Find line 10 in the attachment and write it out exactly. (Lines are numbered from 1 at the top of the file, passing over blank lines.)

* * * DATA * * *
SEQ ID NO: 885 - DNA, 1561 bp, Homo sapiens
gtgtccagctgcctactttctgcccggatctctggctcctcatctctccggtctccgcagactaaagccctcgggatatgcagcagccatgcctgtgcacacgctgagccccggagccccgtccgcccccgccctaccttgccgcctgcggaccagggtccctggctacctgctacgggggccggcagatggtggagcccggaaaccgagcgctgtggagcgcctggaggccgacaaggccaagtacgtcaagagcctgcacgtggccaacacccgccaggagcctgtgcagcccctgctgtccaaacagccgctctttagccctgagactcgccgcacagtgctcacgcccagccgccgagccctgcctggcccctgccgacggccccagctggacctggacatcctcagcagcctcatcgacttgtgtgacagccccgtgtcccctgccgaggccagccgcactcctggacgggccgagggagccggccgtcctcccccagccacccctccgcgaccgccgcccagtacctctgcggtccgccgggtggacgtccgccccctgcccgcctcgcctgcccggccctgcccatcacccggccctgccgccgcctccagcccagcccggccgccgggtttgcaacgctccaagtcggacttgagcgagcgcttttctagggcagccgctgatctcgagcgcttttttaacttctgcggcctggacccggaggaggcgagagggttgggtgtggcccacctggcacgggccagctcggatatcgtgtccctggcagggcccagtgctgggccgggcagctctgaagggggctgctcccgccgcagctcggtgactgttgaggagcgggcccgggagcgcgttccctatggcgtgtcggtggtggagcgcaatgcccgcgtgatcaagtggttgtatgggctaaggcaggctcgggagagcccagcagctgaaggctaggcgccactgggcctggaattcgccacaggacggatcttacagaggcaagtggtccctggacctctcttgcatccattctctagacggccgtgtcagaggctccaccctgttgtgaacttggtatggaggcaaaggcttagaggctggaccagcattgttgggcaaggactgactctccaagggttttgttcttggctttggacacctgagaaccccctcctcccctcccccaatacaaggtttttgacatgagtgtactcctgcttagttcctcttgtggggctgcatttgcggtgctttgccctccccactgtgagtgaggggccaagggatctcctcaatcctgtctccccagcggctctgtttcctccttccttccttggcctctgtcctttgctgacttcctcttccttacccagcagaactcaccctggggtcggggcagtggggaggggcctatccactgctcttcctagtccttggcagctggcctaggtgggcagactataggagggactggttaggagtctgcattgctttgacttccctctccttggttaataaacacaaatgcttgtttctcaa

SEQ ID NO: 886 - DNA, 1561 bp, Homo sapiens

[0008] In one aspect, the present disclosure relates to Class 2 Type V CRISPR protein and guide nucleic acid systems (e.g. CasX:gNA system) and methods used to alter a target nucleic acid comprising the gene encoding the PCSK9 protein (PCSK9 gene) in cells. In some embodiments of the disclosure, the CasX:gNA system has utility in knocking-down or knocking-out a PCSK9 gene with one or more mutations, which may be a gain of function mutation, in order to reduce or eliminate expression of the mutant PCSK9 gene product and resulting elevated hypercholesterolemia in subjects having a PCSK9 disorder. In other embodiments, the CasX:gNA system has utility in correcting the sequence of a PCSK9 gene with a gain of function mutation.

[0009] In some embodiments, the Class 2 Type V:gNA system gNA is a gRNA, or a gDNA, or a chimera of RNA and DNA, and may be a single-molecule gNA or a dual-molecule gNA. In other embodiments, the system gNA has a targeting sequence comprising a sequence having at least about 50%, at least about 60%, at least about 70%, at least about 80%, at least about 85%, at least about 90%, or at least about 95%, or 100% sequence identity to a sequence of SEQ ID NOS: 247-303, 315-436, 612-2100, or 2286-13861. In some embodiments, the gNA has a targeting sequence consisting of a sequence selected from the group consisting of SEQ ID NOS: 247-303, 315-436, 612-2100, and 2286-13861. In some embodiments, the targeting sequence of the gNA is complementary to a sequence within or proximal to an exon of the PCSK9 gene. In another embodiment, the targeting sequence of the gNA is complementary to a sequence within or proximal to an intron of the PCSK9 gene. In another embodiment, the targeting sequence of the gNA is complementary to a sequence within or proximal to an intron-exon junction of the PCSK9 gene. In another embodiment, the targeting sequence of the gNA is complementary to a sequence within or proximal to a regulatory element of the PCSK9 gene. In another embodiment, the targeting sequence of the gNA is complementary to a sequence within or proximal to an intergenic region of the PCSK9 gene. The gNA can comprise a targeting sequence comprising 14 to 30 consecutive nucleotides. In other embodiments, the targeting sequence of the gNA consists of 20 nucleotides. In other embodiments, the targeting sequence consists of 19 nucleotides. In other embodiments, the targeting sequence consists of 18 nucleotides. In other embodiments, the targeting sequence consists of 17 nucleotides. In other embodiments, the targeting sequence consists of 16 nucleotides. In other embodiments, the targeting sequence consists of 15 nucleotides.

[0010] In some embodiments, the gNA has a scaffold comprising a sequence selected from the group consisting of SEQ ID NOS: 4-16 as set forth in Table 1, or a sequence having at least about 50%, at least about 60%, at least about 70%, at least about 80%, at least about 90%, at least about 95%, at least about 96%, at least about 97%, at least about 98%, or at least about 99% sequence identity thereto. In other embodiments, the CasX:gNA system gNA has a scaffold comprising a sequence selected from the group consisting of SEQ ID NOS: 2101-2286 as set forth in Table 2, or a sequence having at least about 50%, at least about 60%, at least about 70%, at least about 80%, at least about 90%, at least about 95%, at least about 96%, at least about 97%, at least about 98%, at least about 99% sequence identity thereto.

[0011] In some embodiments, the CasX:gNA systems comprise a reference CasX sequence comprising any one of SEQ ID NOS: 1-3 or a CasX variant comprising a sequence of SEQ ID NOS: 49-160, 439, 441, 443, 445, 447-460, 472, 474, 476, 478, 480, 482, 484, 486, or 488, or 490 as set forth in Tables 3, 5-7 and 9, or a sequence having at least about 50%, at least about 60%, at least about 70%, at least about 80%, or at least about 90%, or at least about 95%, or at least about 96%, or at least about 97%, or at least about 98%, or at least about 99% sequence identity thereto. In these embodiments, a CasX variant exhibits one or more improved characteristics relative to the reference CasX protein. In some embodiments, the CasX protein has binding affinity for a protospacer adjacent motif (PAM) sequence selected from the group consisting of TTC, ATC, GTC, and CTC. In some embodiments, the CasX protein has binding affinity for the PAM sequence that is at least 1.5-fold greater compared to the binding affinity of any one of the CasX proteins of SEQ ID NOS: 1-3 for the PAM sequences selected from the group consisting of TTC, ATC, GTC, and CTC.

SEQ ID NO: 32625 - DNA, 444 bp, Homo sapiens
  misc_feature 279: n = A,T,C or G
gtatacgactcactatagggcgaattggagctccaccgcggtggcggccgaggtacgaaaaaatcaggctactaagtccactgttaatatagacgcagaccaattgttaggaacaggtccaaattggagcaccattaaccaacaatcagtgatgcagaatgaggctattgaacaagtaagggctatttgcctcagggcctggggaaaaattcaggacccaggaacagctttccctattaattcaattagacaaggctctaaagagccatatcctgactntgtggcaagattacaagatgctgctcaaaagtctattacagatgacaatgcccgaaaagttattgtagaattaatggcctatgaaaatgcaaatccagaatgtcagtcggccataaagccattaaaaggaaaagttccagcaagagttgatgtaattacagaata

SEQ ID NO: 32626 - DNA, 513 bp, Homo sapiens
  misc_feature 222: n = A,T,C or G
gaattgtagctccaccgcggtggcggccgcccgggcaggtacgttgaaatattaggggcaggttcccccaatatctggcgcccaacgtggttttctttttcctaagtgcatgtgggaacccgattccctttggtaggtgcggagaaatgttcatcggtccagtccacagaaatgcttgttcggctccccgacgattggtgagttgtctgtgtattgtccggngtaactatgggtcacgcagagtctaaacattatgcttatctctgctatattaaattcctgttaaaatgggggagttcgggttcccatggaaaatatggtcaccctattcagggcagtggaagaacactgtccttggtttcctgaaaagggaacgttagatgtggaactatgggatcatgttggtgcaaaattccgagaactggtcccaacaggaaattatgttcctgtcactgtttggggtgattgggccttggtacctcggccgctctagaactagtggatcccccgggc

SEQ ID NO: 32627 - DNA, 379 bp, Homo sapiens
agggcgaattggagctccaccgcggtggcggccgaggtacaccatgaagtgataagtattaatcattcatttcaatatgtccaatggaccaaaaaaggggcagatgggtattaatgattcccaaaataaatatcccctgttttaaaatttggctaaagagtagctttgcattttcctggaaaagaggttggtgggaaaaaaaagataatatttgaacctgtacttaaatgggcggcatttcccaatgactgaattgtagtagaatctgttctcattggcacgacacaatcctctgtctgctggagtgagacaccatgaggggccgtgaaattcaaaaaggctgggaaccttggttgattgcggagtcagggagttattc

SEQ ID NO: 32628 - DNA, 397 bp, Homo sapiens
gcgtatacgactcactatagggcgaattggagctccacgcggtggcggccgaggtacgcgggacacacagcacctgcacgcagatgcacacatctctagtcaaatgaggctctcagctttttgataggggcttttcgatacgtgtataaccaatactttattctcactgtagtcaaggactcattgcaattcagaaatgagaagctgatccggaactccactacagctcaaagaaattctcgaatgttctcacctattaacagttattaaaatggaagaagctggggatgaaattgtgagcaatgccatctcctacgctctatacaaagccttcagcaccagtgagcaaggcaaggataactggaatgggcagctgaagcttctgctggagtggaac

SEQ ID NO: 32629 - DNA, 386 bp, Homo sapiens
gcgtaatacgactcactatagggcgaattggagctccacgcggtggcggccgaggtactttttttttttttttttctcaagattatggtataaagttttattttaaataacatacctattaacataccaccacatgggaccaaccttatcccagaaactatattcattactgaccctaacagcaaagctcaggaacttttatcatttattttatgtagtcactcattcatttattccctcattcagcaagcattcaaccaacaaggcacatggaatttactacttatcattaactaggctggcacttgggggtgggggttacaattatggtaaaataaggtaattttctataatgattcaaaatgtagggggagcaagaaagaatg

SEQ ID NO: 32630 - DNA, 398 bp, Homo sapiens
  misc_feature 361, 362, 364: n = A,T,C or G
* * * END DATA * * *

gtatacgactcactatagggcgaattggagctccaccgcggtggcggccgaggtacgaaaaaatcaggctactaagtccactgttaatatagacgcagaccaattgttaggaacaggtccaaattggagcaccattaaccaacaatcagtgatgcagaatgaggctattgaacaagtaagggctatttgcctcagggcctggggaaaaattcaggacccaggaacagctttccctattaattcaattagacaaggctctaaagagccatatcctgactntgtggcaagattacaagatgctgctcaaaagtctattacagatgacaatgcccgaaaagttattgtagaattaatggcctatgaaaatgcaaatccagaatgtcagtcggccataaagccattaaaaggaaaagttccagcaagagttgatgtaattacagaata